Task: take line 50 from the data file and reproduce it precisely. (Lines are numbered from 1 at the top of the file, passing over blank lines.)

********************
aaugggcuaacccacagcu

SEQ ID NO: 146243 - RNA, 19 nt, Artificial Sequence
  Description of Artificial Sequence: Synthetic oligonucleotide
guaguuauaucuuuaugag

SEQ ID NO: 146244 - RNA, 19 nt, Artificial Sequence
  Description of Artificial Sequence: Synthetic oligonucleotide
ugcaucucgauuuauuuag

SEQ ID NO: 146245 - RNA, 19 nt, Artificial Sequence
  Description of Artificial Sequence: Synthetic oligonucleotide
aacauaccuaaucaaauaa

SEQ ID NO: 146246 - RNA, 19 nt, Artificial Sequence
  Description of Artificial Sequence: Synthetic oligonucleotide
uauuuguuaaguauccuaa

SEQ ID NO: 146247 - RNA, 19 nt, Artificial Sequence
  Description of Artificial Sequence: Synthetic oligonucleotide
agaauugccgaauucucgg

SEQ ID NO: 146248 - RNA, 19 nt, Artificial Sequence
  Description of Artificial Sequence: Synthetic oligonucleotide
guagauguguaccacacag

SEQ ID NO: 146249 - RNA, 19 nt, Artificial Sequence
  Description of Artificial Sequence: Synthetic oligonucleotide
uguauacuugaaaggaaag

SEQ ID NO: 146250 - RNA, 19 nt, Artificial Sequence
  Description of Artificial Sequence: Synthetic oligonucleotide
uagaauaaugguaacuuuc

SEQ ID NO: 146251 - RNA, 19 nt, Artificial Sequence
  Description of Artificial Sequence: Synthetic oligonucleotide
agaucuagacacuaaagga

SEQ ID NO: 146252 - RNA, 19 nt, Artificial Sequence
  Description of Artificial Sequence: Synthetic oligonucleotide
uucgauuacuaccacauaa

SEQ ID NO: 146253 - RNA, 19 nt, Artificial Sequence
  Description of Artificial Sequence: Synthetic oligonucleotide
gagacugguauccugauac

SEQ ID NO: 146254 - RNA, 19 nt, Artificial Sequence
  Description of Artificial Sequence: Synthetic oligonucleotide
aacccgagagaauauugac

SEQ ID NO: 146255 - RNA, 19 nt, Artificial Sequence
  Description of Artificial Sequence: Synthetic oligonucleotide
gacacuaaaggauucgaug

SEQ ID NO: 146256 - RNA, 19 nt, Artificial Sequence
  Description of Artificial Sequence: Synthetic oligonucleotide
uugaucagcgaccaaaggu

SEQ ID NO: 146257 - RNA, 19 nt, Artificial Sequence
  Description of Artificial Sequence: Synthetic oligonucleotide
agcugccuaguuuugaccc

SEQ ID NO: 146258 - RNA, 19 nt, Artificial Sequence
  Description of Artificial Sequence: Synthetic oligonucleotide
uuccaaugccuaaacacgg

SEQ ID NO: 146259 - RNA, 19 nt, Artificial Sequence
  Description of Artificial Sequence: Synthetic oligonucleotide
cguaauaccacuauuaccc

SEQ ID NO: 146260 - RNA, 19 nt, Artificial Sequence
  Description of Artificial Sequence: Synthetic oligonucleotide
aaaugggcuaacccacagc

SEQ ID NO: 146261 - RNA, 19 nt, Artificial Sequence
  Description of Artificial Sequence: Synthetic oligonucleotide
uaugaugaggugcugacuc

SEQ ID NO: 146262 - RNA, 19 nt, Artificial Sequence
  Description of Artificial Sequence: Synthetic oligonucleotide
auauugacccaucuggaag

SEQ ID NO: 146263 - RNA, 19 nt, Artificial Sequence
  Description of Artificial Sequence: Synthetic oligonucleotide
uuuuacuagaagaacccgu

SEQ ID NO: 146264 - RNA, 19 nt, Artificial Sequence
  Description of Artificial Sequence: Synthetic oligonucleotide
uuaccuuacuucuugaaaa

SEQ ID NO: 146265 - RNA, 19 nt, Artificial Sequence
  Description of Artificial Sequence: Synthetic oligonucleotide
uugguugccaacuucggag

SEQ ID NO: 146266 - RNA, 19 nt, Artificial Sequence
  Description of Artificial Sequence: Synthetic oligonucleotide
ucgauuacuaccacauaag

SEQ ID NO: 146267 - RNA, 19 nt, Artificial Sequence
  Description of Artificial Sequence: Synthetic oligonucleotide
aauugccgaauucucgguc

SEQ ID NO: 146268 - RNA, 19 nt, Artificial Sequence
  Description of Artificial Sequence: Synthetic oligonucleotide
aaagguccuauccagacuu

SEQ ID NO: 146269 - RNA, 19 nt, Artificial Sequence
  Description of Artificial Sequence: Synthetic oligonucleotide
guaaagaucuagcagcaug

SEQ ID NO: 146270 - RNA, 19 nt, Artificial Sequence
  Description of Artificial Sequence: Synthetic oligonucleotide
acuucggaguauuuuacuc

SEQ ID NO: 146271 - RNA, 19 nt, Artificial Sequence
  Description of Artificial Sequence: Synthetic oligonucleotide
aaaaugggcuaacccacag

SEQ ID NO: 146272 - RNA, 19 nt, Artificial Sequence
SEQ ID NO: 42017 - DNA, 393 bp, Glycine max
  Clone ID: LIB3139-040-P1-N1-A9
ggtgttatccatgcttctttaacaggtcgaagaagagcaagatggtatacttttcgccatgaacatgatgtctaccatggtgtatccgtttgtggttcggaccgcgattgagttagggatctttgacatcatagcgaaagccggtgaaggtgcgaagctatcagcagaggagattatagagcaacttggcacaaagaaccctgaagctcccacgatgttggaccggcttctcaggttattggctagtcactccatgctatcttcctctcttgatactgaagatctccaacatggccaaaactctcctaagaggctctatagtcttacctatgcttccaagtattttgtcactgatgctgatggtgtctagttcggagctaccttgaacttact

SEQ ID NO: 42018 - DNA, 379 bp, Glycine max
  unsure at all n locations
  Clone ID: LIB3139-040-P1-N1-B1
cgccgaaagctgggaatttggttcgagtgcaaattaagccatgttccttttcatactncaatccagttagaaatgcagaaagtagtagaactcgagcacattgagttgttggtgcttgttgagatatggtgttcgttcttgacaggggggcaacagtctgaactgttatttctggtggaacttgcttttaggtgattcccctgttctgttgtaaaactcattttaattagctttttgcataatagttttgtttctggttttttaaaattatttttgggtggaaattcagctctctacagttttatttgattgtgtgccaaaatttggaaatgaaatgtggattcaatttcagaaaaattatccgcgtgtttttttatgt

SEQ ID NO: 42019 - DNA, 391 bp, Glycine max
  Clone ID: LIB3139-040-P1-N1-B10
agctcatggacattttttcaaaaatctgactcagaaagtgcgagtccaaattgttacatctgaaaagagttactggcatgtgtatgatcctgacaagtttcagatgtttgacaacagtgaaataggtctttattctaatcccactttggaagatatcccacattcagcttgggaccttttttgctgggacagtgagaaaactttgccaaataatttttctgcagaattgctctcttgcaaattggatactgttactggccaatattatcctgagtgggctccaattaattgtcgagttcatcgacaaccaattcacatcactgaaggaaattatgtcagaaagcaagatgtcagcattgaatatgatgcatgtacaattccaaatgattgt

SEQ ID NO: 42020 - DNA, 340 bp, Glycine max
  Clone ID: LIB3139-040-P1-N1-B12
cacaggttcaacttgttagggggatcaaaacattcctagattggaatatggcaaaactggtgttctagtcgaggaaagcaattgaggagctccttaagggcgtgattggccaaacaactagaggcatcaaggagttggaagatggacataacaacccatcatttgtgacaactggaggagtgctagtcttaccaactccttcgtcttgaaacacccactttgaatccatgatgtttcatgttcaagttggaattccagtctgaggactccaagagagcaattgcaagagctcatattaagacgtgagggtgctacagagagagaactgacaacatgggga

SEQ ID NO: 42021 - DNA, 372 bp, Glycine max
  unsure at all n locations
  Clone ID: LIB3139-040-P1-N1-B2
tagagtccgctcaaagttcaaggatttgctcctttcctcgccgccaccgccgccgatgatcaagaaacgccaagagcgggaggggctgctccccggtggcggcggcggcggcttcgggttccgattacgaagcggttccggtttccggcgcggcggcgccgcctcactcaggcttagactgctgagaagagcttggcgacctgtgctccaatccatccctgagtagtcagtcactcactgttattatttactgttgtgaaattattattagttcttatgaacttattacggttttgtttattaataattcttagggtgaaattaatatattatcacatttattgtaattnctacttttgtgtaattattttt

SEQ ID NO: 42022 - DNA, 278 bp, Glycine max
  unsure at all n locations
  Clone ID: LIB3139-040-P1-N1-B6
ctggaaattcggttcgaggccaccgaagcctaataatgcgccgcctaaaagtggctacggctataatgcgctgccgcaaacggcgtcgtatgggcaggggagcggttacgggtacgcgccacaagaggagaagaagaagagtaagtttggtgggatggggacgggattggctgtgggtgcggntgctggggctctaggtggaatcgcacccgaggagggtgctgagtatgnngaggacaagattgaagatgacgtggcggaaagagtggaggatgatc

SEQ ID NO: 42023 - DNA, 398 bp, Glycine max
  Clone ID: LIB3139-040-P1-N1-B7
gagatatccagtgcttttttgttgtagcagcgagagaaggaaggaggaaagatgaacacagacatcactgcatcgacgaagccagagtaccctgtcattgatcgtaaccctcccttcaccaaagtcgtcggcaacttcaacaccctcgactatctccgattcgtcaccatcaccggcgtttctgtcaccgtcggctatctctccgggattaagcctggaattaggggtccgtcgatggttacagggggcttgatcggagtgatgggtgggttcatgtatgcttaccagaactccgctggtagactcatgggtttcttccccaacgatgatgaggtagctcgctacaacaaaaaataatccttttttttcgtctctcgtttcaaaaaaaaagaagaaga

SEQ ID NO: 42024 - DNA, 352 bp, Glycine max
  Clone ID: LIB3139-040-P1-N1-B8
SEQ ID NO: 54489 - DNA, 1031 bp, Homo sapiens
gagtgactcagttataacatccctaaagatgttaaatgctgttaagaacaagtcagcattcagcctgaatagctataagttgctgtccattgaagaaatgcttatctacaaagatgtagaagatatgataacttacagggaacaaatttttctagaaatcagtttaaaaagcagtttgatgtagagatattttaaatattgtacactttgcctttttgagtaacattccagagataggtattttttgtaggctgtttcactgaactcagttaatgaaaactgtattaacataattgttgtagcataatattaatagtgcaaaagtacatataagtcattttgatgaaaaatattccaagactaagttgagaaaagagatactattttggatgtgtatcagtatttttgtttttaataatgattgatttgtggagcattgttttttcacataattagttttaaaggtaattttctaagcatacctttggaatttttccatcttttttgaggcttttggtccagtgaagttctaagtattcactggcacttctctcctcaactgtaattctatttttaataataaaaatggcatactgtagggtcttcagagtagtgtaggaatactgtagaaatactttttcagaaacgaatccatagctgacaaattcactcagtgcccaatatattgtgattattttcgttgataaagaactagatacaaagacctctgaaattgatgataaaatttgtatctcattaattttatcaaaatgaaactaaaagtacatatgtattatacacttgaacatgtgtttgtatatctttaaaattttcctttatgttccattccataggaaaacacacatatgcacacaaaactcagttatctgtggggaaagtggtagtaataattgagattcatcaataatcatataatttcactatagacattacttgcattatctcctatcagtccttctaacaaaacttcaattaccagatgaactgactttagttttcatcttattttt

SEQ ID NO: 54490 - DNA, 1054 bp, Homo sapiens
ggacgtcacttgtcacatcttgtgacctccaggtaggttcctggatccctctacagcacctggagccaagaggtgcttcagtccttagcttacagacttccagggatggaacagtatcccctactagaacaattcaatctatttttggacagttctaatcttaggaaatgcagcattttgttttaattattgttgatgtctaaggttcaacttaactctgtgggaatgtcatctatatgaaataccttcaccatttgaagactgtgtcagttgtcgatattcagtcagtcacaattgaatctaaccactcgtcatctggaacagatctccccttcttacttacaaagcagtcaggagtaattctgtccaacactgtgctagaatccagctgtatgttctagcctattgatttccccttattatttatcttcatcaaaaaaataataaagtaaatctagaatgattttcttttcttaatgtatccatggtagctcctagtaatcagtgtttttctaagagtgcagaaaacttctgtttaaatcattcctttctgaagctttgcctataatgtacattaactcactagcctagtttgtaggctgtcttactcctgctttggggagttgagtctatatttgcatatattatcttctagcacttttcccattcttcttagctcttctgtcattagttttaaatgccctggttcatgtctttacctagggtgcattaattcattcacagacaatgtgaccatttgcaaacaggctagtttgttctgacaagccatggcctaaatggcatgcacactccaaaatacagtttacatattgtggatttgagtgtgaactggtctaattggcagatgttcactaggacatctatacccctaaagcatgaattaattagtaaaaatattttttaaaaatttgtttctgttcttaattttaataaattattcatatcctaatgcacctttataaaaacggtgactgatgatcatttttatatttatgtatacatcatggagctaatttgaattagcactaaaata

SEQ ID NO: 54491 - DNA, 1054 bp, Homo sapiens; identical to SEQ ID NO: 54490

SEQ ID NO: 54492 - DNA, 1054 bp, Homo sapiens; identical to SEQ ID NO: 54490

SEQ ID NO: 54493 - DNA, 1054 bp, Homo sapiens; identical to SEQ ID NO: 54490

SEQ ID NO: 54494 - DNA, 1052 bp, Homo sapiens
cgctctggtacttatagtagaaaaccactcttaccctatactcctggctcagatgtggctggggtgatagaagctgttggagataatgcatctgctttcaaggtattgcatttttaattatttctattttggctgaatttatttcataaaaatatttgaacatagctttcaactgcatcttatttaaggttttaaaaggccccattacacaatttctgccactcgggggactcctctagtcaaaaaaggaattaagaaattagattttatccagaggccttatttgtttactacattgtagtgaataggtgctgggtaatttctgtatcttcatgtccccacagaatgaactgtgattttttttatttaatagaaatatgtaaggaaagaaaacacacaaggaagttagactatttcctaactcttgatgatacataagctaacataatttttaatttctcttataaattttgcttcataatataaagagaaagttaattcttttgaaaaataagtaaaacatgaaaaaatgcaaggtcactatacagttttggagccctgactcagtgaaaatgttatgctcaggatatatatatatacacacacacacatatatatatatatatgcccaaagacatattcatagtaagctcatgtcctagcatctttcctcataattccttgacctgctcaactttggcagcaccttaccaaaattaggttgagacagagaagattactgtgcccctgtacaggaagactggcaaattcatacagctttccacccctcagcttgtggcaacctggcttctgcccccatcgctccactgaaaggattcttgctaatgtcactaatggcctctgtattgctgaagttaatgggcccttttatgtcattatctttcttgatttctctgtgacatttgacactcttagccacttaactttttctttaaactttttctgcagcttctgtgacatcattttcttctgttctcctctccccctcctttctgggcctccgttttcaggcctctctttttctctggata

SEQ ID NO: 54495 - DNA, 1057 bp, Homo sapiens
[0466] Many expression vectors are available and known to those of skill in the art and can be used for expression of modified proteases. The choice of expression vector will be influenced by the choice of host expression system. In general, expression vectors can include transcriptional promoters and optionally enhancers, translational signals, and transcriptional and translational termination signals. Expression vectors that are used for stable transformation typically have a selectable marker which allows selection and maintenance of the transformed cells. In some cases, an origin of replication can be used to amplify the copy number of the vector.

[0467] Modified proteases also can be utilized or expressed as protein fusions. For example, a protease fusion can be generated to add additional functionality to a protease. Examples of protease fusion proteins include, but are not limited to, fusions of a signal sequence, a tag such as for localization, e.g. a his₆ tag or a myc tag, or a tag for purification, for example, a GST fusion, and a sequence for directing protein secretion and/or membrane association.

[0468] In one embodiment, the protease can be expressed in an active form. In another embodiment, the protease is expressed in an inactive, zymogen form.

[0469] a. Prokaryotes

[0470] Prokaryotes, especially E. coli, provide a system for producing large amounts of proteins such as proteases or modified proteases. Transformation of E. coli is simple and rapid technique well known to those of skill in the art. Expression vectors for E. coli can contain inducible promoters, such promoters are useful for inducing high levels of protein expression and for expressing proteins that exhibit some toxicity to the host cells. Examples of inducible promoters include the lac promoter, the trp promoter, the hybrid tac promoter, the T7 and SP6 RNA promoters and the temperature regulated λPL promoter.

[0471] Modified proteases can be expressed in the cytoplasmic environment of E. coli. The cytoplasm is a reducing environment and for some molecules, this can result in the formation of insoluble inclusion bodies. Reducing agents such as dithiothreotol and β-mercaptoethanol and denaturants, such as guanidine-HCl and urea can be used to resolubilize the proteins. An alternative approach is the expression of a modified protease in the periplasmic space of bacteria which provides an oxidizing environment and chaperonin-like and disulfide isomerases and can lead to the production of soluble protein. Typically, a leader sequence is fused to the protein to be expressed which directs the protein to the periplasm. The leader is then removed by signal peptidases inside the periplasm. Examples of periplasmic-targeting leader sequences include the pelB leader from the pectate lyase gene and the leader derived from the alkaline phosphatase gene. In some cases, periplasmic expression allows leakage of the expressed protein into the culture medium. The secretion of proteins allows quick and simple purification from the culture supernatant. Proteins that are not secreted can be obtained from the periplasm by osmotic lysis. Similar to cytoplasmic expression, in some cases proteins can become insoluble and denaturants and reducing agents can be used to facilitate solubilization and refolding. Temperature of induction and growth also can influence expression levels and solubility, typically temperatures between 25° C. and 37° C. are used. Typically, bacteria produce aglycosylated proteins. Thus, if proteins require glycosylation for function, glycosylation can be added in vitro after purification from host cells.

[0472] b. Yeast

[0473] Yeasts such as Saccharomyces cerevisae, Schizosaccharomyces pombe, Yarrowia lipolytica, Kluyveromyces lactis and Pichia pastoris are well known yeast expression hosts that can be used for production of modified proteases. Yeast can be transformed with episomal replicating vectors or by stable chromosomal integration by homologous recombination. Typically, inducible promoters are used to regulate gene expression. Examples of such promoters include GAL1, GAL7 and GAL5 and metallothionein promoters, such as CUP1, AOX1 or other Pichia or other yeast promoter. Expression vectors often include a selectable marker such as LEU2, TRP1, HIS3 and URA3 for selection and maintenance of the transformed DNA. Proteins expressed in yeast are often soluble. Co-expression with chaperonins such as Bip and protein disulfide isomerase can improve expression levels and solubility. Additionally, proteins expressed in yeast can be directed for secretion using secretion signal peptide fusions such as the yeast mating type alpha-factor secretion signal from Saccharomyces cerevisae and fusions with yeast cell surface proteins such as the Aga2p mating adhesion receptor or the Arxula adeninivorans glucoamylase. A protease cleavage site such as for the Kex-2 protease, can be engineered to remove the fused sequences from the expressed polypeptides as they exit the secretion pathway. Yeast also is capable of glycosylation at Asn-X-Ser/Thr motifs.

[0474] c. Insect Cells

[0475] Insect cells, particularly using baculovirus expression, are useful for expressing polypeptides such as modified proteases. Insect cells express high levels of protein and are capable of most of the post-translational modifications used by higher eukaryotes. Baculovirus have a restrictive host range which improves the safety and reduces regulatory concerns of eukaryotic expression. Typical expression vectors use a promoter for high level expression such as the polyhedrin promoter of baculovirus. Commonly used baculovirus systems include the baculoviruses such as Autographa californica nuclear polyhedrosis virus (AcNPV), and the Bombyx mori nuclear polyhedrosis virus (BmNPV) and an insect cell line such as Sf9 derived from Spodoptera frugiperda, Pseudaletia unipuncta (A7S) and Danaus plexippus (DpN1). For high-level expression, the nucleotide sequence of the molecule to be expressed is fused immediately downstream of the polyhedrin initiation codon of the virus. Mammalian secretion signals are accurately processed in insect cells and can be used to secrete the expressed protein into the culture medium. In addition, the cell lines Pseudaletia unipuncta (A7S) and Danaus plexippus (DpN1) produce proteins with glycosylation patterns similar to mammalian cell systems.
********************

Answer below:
SEQ ID NO: 146259 - RNA, 19 nt, Artificial Sequence